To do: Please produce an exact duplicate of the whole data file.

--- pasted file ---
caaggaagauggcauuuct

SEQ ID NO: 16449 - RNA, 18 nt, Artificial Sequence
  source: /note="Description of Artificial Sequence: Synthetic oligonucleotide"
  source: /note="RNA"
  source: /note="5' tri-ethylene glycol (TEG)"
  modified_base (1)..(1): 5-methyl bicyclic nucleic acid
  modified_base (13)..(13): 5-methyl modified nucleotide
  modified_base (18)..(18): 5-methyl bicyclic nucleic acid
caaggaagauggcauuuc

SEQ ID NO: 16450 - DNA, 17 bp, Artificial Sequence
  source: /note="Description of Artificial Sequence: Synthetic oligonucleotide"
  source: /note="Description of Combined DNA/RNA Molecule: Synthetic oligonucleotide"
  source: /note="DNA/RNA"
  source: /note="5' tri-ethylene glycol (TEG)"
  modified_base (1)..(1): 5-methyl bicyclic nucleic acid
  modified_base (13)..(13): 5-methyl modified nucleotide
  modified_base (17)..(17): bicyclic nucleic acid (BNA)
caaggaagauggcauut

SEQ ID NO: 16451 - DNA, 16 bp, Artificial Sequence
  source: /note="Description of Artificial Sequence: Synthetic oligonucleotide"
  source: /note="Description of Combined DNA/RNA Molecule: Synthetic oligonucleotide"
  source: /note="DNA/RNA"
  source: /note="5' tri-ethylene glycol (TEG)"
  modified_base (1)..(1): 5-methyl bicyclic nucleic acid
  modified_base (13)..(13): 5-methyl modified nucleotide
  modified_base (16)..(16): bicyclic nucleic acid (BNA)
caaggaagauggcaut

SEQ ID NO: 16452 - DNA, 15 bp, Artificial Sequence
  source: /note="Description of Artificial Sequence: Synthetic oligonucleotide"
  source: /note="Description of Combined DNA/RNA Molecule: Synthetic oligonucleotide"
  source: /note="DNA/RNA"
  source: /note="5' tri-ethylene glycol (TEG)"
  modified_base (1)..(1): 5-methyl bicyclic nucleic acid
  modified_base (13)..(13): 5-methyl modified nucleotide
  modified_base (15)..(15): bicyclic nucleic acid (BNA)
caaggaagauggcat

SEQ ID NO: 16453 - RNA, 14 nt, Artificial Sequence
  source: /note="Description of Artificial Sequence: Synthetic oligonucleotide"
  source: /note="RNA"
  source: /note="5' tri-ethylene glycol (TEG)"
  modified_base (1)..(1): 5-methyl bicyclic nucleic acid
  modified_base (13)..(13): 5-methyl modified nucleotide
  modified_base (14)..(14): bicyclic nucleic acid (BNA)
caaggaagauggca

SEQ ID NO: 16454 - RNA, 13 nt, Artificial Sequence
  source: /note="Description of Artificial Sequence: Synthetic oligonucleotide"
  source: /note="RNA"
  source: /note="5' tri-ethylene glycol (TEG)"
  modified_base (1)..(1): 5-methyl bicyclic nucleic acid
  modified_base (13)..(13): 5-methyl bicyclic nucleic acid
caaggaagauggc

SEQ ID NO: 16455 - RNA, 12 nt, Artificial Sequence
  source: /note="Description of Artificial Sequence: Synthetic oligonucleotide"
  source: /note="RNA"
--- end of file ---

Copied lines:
caaggaagauggcauuuct

SEQ ID NO: 16449 - RNA, 18 nt, Artificial Sequence
  source: /note="Description of Artificial Sequence: Synthetic oligonucleotide"
  source: /note="RNA"
  source: /note="5' tri-ethylene glycol (TEG)"
  modified_base (1)..(1): 5-methyl bicyclic nucleic acid
  modified_base (13)..(13): 5-methyl modified nucleotide
  modified_base (18)..(18): 5-methyl bicyclic nucleic acid
caaggaagauggcauuuc

SEQ ID NO: 16450 - DNA, 17 bp, Artificial Sequence
  source: /note="Description of Artificial Sequence: Synthetic oligonucleotide"
  source: /note="Description of Combined DNA/RNA Molecule: Synthetic oligonucleotide"
  source: /note="DNA/RNA"
  source: /note="5' tri-ethylene glycol (TEG)"
  modified_base (1)..(1): 5-methyl bicyclic nucleic acid
  modified_base (13)..(13): 5-methyl modified nucleotide
  modified_base (17)..(17): bicyclic nucleic acid (BNA)
caaggaagauggcauut

SEQ ID NO: 16451 - DNA, 16 bp, Artificial Sequence
  source: /note="Description of Artificial Sequence: Synthetic oligonucleotide"
  source: /note="Description of Combined DNA/RNA Molecule: Synthetic oligonucleotide"
  source: /note="DNA/RNA"
  source: /note="5' tri-ethylene glycol (TEG)"
  modified_base (1)..(1): 5-methyl bicyclic nucleic acid
  modified_base (13)..(13): 5-methyl modified nucleotide
  modified_base (16)..(16): bicyclic nucleic acid (BNA)
caaggaagauggcaut

SEQ ID NO: 16452 - DNA, 15 bp, Artificial Sequence
  source: /note="Description of Artificial Sequence: Synthetic oligonucleotide"
  source: /note="Description of Combined DNA/RNA Molecule: Synthetic oligonucleotide"
  source: /note="DNA/RNA"
  source: /note="5' tri-ethylene glycol (TEG)"
  modified_base (1)..(1): 5-methyl bicyclic nucleic acid
  modified_base (13)..(13): 5-methyl modified nucleotide
  modified_base (15)..(15): bicyclic nucleic acid (BNA)
caaggaagauggcat

SEQ ID NO: 16453 - RNA, 14 nt, Artificial Sequence
  source: /note="Description of Artificial Sequence: Synthetic oligonucleotide"
  source: /note="RNA"
  source: /note="5' tri-ethylene glycol (TEG)"
  modified_base (1)..(1): 5-methyl bicyclic nucleic acid
  modified_base (13)..(13): 5-methyl modified nucleotide
  modified_base (14)..(14): bicyclic nucleic acid (BNA)
caaggaagauggca

SEQ ID NO: 16454 - RNA, 13 nt, Artificial Sequence
  source: /note="Description of Artificial Sequence: Synthetic oligonucleotide"
  source: /note="RNA"
  source: /note="5' tri-ethylene glycol (TEG)"
  modified_base (1)..(1): 5-methyl bicyclic nucleic acid
  modified_base (13)..(13): 5-methyl bicyclic nucleic acid
caaggaagauggc

SEQ ID NO: 16455 - RNA, 12 nt, Artificial Sequence
  source: /note="Description of Artificial Sequence: Synthetic oligonucleotide"
  source: /note="RNA"